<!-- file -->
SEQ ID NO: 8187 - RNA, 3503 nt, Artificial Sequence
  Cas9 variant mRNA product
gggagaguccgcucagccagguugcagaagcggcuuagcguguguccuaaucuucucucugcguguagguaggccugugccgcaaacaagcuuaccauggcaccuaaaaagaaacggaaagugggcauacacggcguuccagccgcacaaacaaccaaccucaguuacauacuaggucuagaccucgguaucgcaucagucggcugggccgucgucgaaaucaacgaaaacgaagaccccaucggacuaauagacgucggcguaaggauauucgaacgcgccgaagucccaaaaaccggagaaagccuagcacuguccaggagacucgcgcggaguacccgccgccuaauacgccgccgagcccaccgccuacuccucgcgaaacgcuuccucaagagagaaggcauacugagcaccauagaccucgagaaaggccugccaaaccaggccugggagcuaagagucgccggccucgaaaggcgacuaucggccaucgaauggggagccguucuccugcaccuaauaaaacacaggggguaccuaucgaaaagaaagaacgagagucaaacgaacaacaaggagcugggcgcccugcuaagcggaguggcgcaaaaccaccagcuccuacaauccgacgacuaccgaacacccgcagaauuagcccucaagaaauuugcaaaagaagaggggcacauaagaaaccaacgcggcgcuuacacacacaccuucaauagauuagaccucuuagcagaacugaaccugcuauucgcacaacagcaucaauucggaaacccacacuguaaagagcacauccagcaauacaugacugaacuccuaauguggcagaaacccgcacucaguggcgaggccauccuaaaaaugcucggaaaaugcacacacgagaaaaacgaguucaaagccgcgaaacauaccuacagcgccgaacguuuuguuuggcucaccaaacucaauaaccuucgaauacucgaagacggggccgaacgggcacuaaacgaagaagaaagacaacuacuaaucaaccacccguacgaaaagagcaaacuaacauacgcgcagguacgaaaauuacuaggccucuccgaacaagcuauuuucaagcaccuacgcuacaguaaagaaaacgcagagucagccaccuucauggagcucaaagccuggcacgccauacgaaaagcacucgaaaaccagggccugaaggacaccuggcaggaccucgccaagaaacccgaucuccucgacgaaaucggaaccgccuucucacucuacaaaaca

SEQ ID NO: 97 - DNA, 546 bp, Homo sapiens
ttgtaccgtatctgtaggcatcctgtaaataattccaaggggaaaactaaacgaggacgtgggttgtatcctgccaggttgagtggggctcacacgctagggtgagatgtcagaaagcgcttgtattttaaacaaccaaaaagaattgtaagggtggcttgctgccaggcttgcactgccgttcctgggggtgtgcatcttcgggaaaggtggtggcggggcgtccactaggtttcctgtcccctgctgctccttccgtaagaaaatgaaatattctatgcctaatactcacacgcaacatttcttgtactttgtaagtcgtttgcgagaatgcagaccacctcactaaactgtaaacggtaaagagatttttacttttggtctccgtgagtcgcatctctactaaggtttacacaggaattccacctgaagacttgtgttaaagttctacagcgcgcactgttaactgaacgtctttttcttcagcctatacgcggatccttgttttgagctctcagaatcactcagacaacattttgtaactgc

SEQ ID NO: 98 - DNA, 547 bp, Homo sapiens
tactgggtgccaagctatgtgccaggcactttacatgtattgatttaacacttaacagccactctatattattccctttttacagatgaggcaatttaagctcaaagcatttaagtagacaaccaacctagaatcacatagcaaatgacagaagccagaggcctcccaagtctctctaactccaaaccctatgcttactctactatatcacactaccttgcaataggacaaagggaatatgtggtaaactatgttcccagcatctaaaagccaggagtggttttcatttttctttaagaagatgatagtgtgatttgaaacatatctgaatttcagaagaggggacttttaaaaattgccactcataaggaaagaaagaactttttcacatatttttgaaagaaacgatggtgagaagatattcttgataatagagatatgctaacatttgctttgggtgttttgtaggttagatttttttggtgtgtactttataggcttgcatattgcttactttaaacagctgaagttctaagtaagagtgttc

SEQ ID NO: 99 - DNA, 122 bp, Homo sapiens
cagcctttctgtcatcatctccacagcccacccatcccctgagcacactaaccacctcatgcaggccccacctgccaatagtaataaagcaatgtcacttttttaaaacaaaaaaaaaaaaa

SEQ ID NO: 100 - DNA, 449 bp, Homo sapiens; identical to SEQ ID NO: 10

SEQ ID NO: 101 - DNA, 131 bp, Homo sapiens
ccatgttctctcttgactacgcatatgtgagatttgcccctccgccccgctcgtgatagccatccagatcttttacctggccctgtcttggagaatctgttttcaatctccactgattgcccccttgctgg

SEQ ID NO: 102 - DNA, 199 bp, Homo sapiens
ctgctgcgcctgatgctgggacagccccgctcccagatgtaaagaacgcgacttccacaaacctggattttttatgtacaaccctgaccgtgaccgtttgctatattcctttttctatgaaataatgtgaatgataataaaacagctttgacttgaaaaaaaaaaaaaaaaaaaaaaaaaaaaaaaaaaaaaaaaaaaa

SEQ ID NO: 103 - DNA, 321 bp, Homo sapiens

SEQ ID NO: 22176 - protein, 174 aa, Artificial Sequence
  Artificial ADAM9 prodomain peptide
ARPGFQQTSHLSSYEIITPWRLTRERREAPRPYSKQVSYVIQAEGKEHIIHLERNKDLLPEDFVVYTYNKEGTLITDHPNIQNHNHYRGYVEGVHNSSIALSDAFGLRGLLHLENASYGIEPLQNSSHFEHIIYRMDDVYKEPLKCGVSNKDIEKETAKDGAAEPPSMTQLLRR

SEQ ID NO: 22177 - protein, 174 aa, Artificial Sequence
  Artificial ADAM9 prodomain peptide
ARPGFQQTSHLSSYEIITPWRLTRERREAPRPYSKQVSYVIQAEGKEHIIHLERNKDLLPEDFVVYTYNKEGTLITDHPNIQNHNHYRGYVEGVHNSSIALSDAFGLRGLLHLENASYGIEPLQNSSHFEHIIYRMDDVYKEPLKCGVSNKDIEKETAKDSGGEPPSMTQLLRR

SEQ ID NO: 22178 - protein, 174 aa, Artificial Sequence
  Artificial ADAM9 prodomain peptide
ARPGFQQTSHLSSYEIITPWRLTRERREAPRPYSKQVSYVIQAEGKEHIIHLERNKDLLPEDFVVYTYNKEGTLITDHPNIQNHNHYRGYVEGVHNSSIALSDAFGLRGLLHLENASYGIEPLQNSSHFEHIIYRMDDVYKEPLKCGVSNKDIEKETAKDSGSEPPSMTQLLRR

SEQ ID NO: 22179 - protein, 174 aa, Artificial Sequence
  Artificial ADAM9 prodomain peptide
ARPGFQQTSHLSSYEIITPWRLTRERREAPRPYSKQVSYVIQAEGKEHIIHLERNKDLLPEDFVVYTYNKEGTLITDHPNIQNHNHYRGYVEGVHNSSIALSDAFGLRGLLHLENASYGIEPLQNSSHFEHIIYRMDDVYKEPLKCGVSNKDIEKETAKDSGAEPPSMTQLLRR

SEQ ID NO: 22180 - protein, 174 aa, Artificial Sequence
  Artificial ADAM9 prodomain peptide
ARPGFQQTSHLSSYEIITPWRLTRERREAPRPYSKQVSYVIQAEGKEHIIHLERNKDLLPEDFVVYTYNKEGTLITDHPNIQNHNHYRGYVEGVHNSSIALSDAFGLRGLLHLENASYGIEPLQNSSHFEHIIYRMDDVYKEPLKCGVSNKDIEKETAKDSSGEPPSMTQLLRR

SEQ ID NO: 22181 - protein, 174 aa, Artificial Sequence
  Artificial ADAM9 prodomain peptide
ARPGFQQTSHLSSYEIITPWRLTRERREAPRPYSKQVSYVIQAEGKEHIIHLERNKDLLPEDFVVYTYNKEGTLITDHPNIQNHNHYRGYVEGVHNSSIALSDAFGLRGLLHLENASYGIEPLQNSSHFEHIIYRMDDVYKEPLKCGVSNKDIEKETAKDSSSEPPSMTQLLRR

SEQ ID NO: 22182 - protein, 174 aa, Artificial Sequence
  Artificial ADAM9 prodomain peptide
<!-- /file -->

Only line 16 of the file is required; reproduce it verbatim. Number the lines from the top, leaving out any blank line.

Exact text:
SEQ ID NO: 22176 - protein, 174 aa, Artificial Sequence